The Roku Channel launched two years ago, and it was an instant hit. Management consistently shares that it's a top-five channel on the Roku Platform. Featuring the company's own licensed content, content from partners that share ad revenue with Roku, and premium subscription content all under one roof --it's Roku's equivalent of Netflix's original series and films.

Netflix originals cost more up front, but provide the company a path to better long-term economics, particularly at scale. Likewise, Roku sees better economics from its users watching content in the Roku Channel compared to its revenue share from ad-supported content or premium subscriptions.

A television displaying premium subscription options in The Roku Channel.

Image source: Roku

While the Roku Channel is already fairly popular, it's still, relatively speaking, in its infancy. As the company scales up and increases engagement in the Roku Channel, it has opportunities to invest more in content for the channel and demand a greater share of revenue from its media partners. Amazon, for example, already demands 50% of revenue from its smaller partners for Amazon Channels.

Just as Netflix invested more in building out its original content catalog as it scaled, Roku can spend more in building out the Roku Channel as it scales. It may even invest in original content, although management has said that's not part of its current plan.

Still mostly a domestic company

Another important similarity between Roku and Netflix circa 2012 is the potential for international growth. Netflix went from 85% of its streaming subscribers being in the U.S. at the end of 2012 to a customer base that was less than 40% domestic as of the end of the second quarter this year.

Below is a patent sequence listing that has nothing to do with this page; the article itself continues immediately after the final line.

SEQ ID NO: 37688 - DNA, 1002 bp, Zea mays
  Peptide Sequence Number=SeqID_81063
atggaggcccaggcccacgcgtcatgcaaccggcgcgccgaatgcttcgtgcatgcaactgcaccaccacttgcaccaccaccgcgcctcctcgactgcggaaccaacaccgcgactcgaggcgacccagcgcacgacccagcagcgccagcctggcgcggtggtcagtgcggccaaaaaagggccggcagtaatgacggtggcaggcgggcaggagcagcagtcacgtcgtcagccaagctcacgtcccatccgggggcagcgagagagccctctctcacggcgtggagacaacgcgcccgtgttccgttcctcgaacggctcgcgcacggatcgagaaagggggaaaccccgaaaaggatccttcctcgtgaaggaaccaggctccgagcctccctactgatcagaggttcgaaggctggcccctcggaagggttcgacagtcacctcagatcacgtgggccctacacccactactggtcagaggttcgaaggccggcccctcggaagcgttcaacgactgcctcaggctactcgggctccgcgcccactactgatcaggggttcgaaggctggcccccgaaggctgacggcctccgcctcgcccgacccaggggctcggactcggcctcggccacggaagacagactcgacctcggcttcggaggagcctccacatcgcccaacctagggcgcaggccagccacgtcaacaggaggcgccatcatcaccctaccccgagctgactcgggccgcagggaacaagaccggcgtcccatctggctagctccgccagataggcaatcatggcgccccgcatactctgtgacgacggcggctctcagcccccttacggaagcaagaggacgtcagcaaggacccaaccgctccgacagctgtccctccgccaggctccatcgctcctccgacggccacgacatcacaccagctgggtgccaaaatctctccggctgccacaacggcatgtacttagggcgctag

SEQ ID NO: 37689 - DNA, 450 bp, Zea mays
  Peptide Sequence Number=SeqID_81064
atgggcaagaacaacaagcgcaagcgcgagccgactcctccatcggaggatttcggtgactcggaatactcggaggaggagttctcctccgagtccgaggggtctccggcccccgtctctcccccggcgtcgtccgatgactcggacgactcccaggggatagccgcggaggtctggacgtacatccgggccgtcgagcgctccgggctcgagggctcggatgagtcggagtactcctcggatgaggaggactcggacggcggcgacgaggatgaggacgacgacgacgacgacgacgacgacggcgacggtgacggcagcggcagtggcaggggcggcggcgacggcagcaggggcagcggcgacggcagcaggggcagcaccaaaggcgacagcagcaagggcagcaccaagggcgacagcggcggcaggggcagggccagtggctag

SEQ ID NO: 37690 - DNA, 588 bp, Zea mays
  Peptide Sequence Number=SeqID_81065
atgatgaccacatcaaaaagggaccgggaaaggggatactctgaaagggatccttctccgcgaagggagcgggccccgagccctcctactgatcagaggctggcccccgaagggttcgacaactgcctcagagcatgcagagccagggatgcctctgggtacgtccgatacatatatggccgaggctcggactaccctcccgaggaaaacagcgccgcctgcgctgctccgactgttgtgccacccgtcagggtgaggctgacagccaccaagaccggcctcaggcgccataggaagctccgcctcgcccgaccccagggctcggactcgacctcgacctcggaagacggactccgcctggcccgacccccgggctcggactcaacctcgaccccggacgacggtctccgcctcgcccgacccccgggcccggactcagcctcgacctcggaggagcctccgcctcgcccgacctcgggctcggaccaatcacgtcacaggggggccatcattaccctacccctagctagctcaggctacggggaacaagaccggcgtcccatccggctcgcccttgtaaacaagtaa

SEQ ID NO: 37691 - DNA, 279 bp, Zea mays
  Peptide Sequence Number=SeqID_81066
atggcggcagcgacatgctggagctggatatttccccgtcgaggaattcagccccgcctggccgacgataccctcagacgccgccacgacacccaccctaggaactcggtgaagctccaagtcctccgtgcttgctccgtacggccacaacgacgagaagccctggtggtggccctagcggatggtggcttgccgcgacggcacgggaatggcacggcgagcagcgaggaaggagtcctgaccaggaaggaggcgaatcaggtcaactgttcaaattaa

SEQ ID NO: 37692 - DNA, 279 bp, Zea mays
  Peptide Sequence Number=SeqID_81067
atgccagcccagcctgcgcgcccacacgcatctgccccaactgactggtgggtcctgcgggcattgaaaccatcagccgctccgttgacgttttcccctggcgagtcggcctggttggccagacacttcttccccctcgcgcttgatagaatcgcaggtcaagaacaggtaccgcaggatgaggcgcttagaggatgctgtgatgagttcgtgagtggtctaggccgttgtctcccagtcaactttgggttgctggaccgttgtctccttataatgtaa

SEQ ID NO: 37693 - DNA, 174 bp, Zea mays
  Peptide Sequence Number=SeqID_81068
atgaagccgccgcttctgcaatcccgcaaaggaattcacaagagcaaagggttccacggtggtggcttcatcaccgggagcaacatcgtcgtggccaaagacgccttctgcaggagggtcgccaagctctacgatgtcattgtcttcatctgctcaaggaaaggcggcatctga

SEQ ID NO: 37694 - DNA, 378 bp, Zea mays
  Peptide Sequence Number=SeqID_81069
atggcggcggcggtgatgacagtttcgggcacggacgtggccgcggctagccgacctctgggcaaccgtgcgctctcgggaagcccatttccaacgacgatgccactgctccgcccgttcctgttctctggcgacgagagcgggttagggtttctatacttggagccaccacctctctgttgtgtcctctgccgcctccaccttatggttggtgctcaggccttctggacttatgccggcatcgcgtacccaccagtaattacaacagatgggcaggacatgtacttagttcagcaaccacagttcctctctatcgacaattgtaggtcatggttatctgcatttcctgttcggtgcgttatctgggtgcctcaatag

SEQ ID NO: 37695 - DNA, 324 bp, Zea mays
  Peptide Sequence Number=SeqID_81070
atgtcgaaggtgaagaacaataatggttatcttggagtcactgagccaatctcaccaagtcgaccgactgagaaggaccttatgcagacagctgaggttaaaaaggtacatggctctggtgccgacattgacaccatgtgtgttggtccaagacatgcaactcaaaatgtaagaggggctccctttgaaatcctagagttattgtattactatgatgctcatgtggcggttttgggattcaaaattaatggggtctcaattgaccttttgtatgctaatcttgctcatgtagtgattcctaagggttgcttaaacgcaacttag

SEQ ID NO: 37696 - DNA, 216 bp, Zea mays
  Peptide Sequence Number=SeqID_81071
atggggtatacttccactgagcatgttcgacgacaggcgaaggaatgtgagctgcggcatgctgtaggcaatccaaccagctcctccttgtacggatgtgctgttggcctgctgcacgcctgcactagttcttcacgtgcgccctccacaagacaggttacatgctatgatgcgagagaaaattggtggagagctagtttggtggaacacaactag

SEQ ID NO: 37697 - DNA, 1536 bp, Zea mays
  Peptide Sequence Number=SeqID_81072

Roku's user base is largely concentrated in the United States today, but it has big plans to expand in Europe and other international markets. It's laying the groundwork this year, and it expects to start seeing results in 2020. It recently announced the expansion of its TV licensing program to Europe, to integrate Roku OS into smart TVs. CEO Anthony Wood thinks Roku OS could power half of all TVs in the world long term. While Roku currently powers about one-third of all smart TVs sold in the United States, it commands just a 4% market share globally.

One analyst thinks Roku's international expansion could move even faster than Netflix's. Roku could have 80 million active accounts by 2025, according to William Blair analyst Ralph Schackart. He also expects average revenue per user in the U.S. to climb to $58 that year. Roku last reported ARPU of $21.06.

As the best alternative distribution platform for media companies today, Roku should experience Netflix-like growth as long as it can execute on its plans for international expansion and the Roku Channel.

John Mackey, CEO of Whole Foods Market, an Amazon subsidiary, is a member of The Motley Fool's board of directors. Adam Levy owns shares of AMZN, AAPL, and Walt Disney. The Motley Fool owns shares of and recommends AMZN, AAPL, Netflix, Roku, and Walt Disney. The Motley Fool has the following options: long January 2021 $60 calls on Walt Disney, short October 2019 $125 calls on Walt Disney, short January 2020 $155 calls on AAPL, and long January 2020 $150 calls on AAPL. The Motley Fool has a disclosure policy.